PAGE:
Publication
Cover of publication

The Sharing Economy and Financial Services: Friend or Foe?

Portrait of Grégoire Tondreau
合伙人, Managing Partner Belgium
Brussels Office, Western Europe
+32 2 6610-389
2015年11月6日

A shared financial future

Alongside digitalization, Peer-to-Peer ("P2P") and sharing initiatives present some of the most formidable challenges facing existing business models today. Although not a new phenomenon in itself, P2P reflects a growing public interest in returning to a more decentralized economy, one where it is easier for people to connect, communicate, and trade. Airbnb and Uber are among the P2P platforms that have gained significant international recognition, but sharing initiatives are now reaching beyond the travel, hospitality, and goods sectors and into financial services. While these initiatives may still be relatively small, they are leaving traditional players asking a very important question: can our financial future be shared?

Our publication on the future of P2P financial services weighs in the challenges of these initiatives—less transparency and commoditization in which to differentiate, a higher risk to users—against the long-term benefit of implementing value-adding strategies in the early stages of financial P2P’s development.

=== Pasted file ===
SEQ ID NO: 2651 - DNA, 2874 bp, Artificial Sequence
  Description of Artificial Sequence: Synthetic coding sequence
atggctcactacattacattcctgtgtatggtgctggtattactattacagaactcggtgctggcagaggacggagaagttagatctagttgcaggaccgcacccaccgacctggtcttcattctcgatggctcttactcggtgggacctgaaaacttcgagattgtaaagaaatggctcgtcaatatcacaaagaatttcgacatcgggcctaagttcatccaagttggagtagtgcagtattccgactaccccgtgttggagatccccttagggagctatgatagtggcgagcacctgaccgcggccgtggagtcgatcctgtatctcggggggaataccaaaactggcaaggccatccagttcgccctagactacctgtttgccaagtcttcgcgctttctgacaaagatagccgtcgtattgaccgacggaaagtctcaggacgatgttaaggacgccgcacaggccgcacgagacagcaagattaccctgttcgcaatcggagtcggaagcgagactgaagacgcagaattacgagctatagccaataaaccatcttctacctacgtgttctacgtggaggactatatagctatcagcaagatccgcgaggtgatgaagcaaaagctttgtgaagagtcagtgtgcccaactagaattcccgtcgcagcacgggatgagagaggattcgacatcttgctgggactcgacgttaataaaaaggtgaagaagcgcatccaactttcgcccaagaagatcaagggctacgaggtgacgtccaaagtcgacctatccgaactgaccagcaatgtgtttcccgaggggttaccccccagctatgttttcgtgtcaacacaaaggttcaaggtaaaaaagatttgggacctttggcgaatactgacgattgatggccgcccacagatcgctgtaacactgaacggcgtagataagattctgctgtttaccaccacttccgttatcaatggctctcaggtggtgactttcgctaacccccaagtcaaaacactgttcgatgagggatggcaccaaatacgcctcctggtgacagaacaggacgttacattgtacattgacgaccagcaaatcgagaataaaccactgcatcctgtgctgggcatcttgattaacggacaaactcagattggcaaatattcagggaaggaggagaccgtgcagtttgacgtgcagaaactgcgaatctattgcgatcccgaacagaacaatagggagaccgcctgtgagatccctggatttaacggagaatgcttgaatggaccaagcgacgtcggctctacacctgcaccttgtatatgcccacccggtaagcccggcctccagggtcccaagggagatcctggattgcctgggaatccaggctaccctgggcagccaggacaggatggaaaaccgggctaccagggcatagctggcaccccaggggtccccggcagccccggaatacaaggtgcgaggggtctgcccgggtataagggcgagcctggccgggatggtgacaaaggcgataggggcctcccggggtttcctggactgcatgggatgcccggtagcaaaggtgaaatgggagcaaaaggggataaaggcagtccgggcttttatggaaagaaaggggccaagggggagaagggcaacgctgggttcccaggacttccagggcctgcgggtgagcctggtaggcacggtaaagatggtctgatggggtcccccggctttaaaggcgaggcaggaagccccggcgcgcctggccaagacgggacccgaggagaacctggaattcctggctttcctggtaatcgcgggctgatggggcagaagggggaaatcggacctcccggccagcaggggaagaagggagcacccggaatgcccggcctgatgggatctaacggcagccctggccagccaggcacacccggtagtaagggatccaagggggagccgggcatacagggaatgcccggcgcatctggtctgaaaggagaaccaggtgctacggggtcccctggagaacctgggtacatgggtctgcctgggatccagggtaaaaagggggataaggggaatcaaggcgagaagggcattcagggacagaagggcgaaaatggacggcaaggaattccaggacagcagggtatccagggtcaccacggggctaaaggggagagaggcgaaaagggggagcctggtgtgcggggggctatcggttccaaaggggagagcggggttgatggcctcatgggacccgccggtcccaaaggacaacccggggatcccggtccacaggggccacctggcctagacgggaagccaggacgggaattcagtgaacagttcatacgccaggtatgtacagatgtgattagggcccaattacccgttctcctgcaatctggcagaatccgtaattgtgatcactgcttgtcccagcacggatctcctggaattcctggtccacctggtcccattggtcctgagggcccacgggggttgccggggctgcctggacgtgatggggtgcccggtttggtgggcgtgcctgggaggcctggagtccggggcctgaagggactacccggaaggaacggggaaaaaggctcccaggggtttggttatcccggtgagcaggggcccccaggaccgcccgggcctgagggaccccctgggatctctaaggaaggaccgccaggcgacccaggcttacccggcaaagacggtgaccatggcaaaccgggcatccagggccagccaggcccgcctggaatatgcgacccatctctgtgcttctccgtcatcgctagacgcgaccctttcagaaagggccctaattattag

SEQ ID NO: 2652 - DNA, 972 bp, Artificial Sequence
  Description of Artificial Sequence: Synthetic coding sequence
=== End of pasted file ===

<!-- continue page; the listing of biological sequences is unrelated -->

Win win

In this study, we profile the likely outcome of a two-tiered landscape. This opens up the opportunity for a win-win for both clients and traditional players, where new entrants complement traditional players rather than disrupt them and traditional players develop their own P2P solutions anchored in their existing offers. Our financial future can be shared, and in this publication we show how long-term strategic advantages can be secured through creating added-value for the client and developing integrated solutions.

Think:Act

Sharing Economy

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Alongside digitalization, Peer-to-Peer and sharing initiatives present some of the most formidable challenges facing existing business models today. Our publication on the future of P2P financial services weighs in the challenges of these initiatives—less transparency and commoditization in which to differentiate, a higher risk to users—against the long-term benefit of implementing value-adding strategies in the early stages of financial P2P’s development.

Published November 2015. Available in